The point is, I wrote in the morning, my normal time. I wrote in the afternoon. A couple times, I even managed to write at night. It felt weird, yet not. It’s kinda hard to explain.
I pushed myself, which was something I needed.
The social aspects of NaNo didn’t live up to my expectations.
I live in a rural area and the closest area write-ins were scheduled during the day when I worked. The next closest were a 40-minute drive away. That’s time lost writing, so I gave up on making writing friends in person.
Next, we have Writing Buddies. You click on someone’s profile within the NaNo site to be your writing buddy. You can then see their writing progress, email them encouragement, etc. I’m still a little fuzzy on the etiquette of this. I clicked to see what would happen and Bam! they were my writing buddy. It felt a little stalkerish. Apparently, it’s not like Facebook, where you have to get permission first. I went back and emailed them, told them a little about myself. Sadly, I never hear back from them. Anyway, I got three other writing buddies that actually talked to me, so that was fun. One of them hit 50,000 and I didn’t even feel jealous.
I tried the forums a bit, but, honestly, I spent most of my time writing. The need to get the words done felt like a ticking clock. I didn’t want to waste time just talking.
Fast drafting is the way to go.
My problem has always been my internal editor. She’s an iron-willed wench. As a former English major, I’ve struggled with a pathological need to fix each sentence I write to conform to proper grammar rules. With informal writing, this isn’t a problem. I’ve learned to write the way I talk. Mostly. I still find myself spending way too much time editing texts and emails. *shrug*
Anyway, over the last six years of novel writing, I’ve learned to ignore some grammar rules in favor of story flow. But I still love to play with sentence structure. I slip into that mode without realizing I’m doing it.
I didn’t completely lose my internal editor during NaNo, but she quieted down some. When I noticed I was playing with sentences, I forced myself to go on, despite the ugliness.
And it was ugly. *shudder*
I think I need to tweak my preplanning. In order for me to write fast, I discovered I need to know where I’m going, in a fairly detailed manner.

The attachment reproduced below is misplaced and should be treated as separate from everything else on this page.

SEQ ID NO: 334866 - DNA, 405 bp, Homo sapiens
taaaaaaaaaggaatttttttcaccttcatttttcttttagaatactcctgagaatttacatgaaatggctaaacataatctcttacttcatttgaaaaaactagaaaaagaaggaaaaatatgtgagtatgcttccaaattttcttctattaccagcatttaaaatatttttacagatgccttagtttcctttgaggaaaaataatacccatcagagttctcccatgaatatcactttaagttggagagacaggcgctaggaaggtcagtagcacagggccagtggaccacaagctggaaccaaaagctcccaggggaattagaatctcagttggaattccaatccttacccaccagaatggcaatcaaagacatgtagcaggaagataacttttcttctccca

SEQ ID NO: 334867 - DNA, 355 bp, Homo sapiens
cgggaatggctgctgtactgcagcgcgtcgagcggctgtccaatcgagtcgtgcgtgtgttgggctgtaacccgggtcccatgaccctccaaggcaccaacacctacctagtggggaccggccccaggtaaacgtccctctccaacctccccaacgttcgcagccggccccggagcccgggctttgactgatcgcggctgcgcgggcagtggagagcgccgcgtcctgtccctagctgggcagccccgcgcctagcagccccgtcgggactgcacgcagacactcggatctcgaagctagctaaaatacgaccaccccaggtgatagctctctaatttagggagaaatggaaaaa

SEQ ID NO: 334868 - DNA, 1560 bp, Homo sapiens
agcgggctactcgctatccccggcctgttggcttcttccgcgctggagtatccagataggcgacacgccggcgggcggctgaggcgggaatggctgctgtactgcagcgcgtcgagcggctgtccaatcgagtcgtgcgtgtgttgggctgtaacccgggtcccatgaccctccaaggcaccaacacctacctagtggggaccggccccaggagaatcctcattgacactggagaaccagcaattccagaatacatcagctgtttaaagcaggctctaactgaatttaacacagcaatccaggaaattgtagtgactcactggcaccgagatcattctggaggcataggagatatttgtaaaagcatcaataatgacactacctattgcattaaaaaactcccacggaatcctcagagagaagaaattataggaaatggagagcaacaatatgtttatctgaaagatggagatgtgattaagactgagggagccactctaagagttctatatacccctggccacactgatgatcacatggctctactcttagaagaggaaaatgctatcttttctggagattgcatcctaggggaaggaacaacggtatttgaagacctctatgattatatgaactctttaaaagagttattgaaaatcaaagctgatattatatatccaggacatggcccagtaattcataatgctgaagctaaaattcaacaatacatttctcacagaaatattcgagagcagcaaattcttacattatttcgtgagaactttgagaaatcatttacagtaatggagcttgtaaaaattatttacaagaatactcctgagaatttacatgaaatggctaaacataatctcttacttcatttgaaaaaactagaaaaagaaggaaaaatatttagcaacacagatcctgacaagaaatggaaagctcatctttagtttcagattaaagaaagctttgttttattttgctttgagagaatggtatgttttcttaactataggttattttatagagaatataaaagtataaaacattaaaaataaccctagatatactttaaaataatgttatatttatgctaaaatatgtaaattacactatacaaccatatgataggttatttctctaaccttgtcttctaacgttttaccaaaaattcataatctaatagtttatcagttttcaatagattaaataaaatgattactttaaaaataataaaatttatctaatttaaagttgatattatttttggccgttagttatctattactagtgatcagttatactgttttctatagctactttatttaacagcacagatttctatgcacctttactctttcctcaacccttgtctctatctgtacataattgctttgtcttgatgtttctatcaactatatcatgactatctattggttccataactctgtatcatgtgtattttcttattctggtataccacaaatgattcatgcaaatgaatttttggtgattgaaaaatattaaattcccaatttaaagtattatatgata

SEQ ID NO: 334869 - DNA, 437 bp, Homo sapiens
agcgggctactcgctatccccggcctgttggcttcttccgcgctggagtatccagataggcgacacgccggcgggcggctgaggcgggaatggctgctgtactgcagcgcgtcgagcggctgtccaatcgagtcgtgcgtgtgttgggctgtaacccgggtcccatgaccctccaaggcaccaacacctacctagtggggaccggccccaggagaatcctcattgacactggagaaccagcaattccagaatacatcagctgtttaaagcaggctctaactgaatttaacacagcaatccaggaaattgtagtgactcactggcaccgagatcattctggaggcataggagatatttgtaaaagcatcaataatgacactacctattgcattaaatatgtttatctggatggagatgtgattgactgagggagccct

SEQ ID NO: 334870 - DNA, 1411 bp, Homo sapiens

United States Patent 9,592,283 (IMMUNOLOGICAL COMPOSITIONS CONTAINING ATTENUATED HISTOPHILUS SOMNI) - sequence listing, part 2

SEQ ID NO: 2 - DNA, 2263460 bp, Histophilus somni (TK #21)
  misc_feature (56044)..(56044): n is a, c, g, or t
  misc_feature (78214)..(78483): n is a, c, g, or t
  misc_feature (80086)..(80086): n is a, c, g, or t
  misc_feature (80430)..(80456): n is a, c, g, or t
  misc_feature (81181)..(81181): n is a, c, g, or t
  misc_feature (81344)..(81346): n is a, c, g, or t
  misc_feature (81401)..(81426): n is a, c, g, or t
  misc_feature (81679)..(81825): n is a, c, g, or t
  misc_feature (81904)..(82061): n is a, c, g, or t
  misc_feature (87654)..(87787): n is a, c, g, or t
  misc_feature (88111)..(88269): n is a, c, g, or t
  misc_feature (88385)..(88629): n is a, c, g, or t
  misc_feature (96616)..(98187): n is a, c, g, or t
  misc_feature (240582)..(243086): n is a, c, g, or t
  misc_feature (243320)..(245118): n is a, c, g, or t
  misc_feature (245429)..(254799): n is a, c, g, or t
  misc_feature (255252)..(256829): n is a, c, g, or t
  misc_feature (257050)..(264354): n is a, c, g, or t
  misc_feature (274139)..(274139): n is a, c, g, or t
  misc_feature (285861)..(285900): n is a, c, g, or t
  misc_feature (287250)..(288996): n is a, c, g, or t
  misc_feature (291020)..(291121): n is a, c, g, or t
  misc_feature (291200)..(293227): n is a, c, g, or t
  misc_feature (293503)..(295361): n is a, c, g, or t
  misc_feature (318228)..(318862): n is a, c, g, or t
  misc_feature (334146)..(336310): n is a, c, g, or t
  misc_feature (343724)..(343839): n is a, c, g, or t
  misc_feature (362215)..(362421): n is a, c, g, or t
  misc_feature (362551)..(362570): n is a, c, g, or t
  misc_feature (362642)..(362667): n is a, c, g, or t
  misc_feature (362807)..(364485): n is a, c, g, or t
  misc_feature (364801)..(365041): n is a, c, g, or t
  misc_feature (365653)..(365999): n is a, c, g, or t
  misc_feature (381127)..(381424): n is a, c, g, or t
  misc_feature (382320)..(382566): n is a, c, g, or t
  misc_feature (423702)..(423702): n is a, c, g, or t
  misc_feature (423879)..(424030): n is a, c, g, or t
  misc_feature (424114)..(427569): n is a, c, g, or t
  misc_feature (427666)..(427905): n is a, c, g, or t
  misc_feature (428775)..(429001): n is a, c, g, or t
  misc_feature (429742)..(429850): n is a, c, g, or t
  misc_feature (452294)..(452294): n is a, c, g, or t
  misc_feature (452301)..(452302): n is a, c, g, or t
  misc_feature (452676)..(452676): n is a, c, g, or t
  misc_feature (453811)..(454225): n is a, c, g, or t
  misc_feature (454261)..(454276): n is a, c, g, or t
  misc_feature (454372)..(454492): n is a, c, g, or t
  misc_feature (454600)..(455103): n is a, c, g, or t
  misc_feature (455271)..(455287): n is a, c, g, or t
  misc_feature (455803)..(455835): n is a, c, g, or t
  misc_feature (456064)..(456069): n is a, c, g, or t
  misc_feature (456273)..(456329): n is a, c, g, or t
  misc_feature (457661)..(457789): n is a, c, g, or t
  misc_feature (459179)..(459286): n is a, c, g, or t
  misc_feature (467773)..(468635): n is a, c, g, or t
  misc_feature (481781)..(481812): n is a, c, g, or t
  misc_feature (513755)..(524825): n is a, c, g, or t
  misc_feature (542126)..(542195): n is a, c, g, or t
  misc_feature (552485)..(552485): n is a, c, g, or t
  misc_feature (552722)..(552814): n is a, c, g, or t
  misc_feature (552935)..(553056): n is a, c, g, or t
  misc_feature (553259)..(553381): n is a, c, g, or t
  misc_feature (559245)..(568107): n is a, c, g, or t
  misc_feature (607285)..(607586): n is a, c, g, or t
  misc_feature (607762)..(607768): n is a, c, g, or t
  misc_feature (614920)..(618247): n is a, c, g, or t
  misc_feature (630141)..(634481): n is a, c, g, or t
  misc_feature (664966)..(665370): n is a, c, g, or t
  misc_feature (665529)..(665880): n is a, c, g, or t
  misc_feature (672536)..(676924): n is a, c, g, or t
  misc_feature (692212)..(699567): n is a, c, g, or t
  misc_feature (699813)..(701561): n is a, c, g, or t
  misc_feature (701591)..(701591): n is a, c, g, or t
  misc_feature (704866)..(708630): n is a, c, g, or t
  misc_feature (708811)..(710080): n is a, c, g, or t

Since my NaNo novel was the second in a series, I already had the main characters, setting, and supernatural elements fleshed out. I planned most of the new characters, the plot structure, etc. and had my scene sentences written out. I thought that was enough to start writing.
Not quite. There was section in the middle where I floundered badly. I needed to research something important to the rest of the story and had to stop and do it. I lost time. Yes, I did, Precioussss.
I think what I need are beats.
There’s a lot that can go on in a scene that the scene sentence only hints at. If I’m going to write fast, I need more. Beats are basically as little as one sentence or as much as a full paragraph for each step in the scene. This happens then this happens then this happens, including setting description, noting which characters are present, etc. All in narrative form. No dialogue. Unless something good comes to mind while writing the beats.
While fast drafting, I went strictly plot point by plot point. I totally forgot to include characters that weren’t specifically mentioned in the scene sentence. And I meandered a bit. That’s not necessarily a bad thing, of course. I’ll have to see how the editing goes with this one. Obviously it’ll require a hell of lot more than the first one.
Despite the problems, I got a story — beginning, middle, and end — written in ONE MONTH! Which feels AWESOME!
Sorry about all the shouting. I’m a little excited. This has been a big, big learning experience and it got my butt in gear. I needed that motivation to push myself. Luckily, they have smaller Camp NaNoWriMos in April and July.
I do still have that third novel to write.
Did you NaNo this year? If you did, how did it go? What did you learn about yourself and your writing?